In a recent statement, the Council acknowledged that while in February it had indicated that the complex transaction would take six to nine months to complete, the need to obtain regulatory approvals for the sale of the business across nine territories (the Eastern Caribbean and The Bahamas) was a process unlikely to be completed by the end of this year and therefore the final phase of the process of selling BAICO’s traditional business was expected to be completed in the first half of 2012.
The council disclosed that it was seeking legal advice on the best way to effect the transfer of the traditional business across nine separate countries, among other issues. It said that the Eastern Caribbean governments and the judicial management team handling BAICO had worked together to identify some of the key technical and practical challenges involved in effecting this transfer.
According to the statement, actuaries have been engaged to undertake more detailed analysis of the portfolio and the financial contribution needed to recapitalize BAICO’s traditional business. For a start, the judicial managers of BAICO have begun legal proceedings against CL Financial in Trinidad and Tobago as they seek to recover US$49.5 million owed by CL Financial to BAICO as part of their work in rationalising BAICO’s liabilities.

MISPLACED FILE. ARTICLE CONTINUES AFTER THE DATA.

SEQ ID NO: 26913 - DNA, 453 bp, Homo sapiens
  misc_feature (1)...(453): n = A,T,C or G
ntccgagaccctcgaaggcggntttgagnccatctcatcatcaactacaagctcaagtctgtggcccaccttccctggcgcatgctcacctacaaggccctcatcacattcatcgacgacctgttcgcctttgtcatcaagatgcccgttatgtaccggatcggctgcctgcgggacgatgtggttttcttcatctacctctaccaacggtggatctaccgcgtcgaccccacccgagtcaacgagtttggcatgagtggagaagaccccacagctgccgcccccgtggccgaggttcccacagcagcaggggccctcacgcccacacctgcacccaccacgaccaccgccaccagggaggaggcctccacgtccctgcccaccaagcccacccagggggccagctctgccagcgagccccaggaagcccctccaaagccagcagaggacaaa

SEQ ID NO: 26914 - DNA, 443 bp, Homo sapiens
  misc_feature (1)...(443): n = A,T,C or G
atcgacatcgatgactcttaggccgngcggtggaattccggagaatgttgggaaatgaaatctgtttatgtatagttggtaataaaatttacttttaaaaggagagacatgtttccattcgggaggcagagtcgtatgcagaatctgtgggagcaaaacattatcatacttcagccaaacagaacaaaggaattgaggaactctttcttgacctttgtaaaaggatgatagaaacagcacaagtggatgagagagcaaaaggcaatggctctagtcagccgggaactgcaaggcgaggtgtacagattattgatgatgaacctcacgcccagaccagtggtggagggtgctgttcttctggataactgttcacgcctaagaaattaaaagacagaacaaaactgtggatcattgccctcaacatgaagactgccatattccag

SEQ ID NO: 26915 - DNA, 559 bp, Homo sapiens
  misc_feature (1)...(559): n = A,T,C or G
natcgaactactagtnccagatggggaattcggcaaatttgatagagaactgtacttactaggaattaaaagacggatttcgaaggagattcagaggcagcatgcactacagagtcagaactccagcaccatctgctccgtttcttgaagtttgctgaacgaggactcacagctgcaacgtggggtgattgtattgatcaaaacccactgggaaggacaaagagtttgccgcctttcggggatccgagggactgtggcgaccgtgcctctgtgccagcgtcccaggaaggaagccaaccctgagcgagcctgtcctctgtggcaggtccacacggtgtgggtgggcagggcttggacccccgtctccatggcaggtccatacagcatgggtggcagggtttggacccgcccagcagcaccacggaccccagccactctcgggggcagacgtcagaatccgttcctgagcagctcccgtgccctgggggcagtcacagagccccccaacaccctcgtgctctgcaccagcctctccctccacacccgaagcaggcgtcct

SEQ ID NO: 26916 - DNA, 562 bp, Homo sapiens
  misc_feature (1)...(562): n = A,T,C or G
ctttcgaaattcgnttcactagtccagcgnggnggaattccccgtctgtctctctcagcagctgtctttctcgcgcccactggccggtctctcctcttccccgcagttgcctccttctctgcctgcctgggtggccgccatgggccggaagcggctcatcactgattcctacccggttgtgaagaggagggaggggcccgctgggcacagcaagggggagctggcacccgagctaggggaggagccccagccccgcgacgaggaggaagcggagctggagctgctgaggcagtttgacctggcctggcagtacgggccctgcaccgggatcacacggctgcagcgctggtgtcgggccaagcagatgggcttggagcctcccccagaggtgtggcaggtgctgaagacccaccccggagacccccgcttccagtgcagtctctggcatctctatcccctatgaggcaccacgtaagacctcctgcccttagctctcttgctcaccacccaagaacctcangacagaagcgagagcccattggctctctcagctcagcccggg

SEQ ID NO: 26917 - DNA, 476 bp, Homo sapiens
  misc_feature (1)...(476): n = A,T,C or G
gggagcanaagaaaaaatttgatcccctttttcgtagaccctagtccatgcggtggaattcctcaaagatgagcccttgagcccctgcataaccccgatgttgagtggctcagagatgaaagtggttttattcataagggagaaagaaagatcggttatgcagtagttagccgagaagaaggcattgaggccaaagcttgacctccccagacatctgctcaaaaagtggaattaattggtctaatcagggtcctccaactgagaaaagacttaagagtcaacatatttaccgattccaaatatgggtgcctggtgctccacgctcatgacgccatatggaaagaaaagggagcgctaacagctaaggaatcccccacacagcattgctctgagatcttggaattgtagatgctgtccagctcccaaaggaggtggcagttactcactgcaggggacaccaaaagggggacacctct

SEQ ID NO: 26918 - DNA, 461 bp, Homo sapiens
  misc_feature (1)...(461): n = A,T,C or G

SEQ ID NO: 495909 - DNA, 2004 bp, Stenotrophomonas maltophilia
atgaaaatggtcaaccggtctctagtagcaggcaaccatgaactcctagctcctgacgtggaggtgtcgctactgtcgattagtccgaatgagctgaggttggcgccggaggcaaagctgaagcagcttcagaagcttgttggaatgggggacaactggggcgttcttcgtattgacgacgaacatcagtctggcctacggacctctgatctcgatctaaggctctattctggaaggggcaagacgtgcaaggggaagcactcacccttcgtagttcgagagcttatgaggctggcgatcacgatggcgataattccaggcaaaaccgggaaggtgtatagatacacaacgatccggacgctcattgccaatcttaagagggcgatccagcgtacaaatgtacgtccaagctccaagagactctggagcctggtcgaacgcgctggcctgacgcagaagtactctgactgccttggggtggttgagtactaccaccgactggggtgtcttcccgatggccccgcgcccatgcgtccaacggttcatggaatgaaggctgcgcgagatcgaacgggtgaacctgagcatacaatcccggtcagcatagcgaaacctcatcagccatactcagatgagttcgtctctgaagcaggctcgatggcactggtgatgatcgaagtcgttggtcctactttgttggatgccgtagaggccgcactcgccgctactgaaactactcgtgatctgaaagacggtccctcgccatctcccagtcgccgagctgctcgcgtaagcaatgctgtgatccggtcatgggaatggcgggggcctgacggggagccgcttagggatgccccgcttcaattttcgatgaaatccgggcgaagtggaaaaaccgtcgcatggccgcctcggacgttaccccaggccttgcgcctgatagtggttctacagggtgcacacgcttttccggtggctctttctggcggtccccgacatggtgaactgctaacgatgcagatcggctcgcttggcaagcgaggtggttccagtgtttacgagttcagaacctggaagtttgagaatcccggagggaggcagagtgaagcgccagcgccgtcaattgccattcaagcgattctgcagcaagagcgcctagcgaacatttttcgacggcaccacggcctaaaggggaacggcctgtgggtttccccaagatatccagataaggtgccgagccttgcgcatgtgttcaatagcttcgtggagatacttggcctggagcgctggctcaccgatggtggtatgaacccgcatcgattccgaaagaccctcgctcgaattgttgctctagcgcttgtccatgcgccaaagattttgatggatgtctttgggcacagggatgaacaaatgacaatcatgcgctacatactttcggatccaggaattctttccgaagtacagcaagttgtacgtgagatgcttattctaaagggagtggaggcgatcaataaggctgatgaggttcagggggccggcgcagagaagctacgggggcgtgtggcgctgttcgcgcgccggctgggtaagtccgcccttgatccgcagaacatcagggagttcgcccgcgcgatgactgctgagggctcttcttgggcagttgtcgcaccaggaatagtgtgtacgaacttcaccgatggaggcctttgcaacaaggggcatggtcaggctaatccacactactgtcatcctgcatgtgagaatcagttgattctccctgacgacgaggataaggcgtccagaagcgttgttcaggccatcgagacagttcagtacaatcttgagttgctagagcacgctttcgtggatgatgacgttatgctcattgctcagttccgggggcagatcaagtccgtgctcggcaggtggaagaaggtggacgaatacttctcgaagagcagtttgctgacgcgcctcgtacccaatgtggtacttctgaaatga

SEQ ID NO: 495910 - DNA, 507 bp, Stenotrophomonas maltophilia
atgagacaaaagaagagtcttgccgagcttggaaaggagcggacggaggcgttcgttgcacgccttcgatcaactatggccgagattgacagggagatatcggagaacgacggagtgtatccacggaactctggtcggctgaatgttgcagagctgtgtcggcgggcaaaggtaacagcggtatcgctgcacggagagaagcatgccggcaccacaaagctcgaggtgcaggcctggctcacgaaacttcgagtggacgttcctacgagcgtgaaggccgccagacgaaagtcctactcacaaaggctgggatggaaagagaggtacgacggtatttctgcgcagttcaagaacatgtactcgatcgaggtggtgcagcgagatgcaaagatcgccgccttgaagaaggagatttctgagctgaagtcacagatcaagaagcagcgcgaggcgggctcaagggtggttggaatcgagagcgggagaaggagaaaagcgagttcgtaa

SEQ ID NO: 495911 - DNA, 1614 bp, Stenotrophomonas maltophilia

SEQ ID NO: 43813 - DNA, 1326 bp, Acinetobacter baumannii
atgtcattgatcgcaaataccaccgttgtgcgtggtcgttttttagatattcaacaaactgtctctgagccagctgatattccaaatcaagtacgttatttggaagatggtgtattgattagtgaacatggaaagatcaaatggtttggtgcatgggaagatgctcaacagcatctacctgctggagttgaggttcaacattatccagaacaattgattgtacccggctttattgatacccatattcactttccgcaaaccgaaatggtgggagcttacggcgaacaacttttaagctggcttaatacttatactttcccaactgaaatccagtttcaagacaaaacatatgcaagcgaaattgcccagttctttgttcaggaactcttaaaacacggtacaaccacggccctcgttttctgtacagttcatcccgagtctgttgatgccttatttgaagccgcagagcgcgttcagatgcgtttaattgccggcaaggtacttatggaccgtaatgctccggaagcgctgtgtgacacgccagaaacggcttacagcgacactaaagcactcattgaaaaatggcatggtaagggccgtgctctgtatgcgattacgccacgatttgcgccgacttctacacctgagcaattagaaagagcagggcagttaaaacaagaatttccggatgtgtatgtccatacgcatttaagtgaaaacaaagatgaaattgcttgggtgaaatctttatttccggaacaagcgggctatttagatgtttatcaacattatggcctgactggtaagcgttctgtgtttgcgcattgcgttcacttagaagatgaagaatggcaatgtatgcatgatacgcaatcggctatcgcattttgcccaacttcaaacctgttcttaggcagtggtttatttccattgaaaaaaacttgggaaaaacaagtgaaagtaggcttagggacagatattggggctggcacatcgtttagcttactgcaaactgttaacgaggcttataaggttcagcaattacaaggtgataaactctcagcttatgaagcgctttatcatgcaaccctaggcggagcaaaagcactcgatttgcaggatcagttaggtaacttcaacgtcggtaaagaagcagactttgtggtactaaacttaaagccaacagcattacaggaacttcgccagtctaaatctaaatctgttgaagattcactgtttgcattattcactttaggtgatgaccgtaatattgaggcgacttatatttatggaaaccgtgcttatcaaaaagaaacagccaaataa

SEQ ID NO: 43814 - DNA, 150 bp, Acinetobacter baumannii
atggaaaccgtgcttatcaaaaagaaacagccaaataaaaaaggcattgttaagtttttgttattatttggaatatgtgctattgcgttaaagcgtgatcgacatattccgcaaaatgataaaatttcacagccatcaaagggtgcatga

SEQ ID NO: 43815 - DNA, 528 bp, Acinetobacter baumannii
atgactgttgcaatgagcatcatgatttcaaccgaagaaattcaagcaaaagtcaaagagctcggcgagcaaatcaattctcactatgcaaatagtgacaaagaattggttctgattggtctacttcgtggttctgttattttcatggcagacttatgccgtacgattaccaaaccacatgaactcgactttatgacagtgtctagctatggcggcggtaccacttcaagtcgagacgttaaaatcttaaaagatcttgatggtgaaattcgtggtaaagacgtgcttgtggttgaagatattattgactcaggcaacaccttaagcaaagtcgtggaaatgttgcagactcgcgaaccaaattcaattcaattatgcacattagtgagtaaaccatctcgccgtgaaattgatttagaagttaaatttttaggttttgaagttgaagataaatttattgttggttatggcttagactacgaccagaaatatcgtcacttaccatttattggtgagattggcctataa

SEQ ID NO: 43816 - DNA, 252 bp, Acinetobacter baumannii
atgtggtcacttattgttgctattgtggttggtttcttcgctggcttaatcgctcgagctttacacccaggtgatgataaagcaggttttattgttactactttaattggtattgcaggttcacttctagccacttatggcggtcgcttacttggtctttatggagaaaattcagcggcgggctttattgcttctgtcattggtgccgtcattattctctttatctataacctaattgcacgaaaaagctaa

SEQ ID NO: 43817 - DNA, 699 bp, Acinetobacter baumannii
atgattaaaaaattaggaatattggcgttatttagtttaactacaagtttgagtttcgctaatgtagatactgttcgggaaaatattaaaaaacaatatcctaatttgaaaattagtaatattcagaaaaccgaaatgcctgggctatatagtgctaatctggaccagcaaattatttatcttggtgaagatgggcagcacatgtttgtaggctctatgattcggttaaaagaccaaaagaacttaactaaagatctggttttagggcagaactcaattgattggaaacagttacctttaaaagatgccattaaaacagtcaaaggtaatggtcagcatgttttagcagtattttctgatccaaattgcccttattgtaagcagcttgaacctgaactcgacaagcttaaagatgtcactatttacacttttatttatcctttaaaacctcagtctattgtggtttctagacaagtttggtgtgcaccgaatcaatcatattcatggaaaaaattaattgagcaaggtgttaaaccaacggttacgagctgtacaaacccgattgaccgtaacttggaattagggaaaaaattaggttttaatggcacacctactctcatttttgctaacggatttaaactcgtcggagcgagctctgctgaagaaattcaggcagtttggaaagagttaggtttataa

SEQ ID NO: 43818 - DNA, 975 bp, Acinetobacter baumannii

Trinidad is also expected to play a key role in providing assistance to BAICO policyholders (including important institutions within the ECCU, such as banks and credit unions) who have non-traditional policies, such as Executive Flexible Premium Annuities. At the moment funding is still being sought from the government of Trinidad and Tobago in order to provide financial support to these policyholders.
In Barbados, where the sale of BAICO’s assets is being undertaken as a separate transaction, the judicial manager has indicated that the company’s insurance portfolio could soon be transferred in a two-phase transaction to a reputable and highly regarded company.
David Holukoff of KPMG has stated that this multi-tiered transaction would see the health and property books would be transferred ahead of the life and annuity business.
The chartered accountant and certified fraud examiner said the decision to first transfer the health and property books was because they were smaller, less complicated and required more immediate attention